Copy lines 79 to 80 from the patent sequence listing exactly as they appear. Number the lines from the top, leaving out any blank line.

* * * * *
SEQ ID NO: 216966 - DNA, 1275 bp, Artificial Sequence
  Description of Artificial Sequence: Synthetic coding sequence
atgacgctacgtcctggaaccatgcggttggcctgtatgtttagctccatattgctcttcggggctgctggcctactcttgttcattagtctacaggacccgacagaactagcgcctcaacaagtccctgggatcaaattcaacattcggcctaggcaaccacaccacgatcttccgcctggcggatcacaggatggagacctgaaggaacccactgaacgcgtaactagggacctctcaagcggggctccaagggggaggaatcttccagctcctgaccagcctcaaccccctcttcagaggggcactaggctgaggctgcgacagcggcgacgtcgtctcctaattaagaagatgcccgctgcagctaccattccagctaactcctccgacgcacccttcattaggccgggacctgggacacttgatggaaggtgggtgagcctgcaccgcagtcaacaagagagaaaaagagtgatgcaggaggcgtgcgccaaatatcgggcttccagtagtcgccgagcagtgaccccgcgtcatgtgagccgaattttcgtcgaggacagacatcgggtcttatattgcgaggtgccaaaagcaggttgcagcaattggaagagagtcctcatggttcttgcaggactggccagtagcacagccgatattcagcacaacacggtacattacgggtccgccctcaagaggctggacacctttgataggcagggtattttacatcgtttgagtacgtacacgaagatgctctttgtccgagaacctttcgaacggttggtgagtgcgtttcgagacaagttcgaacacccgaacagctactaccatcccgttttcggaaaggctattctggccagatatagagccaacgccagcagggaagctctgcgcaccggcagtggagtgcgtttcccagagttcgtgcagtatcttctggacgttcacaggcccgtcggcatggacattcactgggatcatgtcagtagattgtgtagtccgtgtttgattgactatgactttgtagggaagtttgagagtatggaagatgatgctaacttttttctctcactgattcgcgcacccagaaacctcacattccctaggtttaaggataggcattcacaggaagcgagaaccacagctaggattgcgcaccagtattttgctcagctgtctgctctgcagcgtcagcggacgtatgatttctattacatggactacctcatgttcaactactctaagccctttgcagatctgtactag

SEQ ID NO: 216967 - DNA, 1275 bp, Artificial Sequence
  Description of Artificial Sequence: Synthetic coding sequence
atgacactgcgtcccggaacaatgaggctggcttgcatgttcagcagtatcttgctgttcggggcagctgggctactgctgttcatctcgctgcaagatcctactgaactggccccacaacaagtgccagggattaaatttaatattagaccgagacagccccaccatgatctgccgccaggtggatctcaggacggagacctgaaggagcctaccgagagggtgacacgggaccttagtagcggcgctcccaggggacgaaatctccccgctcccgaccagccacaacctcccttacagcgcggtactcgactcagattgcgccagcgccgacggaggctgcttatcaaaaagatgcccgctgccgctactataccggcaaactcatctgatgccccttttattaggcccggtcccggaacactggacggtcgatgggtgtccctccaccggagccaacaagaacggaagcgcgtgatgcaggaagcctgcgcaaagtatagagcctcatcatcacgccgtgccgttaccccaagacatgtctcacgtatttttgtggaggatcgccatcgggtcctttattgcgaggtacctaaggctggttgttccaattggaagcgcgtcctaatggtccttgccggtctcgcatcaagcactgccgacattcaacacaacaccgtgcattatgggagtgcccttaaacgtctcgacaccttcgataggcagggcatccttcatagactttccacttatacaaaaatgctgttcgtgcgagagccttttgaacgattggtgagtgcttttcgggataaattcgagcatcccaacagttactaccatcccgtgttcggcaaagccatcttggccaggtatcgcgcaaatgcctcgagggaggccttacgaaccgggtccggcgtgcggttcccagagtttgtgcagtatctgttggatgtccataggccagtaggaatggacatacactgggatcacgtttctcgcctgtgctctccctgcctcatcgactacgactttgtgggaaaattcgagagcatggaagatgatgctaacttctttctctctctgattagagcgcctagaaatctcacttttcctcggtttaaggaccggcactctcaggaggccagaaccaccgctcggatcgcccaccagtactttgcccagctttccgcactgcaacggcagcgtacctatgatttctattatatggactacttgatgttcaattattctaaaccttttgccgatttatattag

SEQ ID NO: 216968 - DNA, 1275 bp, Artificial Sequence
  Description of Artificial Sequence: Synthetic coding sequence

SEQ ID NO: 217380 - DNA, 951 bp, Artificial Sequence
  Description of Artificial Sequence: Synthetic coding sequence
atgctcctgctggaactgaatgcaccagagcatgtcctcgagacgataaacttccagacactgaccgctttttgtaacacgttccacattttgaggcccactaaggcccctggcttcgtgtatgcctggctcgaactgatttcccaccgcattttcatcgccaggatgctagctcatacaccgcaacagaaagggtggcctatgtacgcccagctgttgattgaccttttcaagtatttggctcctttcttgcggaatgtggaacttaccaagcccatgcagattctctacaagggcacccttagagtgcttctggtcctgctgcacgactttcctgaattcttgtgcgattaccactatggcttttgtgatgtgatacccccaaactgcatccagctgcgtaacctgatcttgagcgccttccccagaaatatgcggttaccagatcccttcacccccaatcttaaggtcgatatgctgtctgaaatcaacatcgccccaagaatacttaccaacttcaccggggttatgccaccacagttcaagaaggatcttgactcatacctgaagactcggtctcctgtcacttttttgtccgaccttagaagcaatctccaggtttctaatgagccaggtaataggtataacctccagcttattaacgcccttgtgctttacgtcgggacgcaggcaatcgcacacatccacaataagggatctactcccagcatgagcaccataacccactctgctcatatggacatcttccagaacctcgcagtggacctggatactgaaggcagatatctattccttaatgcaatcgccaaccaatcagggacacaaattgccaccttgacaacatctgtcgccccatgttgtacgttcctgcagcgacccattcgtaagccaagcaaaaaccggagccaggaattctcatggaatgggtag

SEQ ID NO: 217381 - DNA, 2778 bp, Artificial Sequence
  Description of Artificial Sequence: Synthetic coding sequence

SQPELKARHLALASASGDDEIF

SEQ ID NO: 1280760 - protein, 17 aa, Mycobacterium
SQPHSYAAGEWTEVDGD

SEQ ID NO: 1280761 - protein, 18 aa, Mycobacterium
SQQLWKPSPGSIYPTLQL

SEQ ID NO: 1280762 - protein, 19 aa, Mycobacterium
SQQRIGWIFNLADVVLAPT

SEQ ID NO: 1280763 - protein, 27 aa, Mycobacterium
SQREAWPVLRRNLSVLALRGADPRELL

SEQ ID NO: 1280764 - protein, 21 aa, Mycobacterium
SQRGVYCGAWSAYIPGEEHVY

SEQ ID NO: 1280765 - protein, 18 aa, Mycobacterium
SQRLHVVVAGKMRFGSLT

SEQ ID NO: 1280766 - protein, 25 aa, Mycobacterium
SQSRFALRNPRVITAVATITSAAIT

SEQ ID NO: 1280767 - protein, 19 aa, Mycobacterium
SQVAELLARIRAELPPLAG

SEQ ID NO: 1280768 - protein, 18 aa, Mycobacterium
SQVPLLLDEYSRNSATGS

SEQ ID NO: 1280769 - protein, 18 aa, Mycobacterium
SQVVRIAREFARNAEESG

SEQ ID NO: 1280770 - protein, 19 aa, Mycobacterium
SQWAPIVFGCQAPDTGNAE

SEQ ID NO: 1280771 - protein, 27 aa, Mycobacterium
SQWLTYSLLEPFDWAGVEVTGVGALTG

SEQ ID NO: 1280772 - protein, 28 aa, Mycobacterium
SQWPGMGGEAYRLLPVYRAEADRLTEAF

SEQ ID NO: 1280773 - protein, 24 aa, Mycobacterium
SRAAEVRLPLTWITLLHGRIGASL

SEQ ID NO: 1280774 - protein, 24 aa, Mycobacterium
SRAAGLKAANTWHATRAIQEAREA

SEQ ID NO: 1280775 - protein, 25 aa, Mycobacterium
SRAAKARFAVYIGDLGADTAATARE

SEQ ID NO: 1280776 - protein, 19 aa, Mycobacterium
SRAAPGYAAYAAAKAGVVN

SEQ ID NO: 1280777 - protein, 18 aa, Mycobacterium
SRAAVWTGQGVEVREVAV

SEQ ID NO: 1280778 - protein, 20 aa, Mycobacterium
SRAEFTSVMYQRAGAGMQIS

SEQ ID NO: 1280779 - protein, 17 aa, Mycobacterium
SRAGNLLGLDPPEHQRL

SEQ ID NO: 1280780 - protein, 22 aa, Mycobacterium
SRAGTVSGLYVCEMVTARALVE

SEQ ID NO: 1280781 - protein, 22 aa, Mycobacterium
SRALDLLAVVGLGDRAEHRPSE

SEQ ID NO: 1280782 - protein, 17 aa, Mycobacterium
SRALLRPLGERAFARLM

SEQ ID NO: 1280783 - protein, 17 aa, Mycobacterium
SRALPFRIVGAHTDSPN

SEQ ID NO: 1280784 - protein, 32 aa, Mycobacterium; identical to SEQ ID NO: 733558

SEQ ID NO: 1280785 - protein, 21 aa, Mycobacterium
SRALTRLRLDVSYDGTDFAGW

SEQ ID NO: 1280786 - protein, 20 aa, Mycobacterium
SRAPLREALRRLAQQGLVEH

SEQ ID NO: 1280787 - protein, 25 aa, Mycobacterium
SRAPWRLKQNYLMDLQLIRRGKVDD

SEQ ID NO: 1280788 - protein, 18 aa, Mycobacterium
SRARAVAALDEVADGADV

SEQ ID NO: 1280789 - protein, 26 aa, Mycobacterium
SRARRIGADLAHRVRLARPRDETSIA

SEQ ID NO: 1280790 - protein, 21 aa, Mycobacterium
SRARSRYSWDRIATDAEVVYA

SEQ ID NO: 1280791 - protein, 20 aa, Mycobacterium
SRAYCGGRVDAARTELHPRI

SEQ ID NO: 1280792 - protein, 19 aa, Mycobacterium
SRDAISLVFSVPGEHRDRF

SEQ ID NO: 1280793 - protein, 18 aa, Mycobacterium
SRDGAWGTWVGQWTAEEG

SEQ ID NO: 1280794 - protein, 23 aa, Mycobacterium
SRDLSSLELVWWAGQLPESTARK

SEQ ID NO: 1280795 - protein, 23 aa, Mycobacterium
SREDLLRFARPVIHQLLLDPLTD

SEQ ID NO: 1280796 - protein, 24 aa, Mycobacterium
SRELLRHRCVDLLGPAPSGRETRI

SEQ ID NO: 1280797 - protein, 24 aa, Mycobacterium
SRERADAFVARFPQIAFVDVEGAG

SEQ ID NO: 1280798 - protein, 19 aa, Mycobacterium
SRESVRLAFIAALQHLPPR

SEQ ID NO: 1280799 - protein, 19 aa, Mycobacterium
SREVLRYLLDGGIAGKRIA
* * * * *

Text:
SRDAISLVFSVPGEHRDRF

SEQ ID NO: 1280793 - protein, 18 aa, Mycobacterium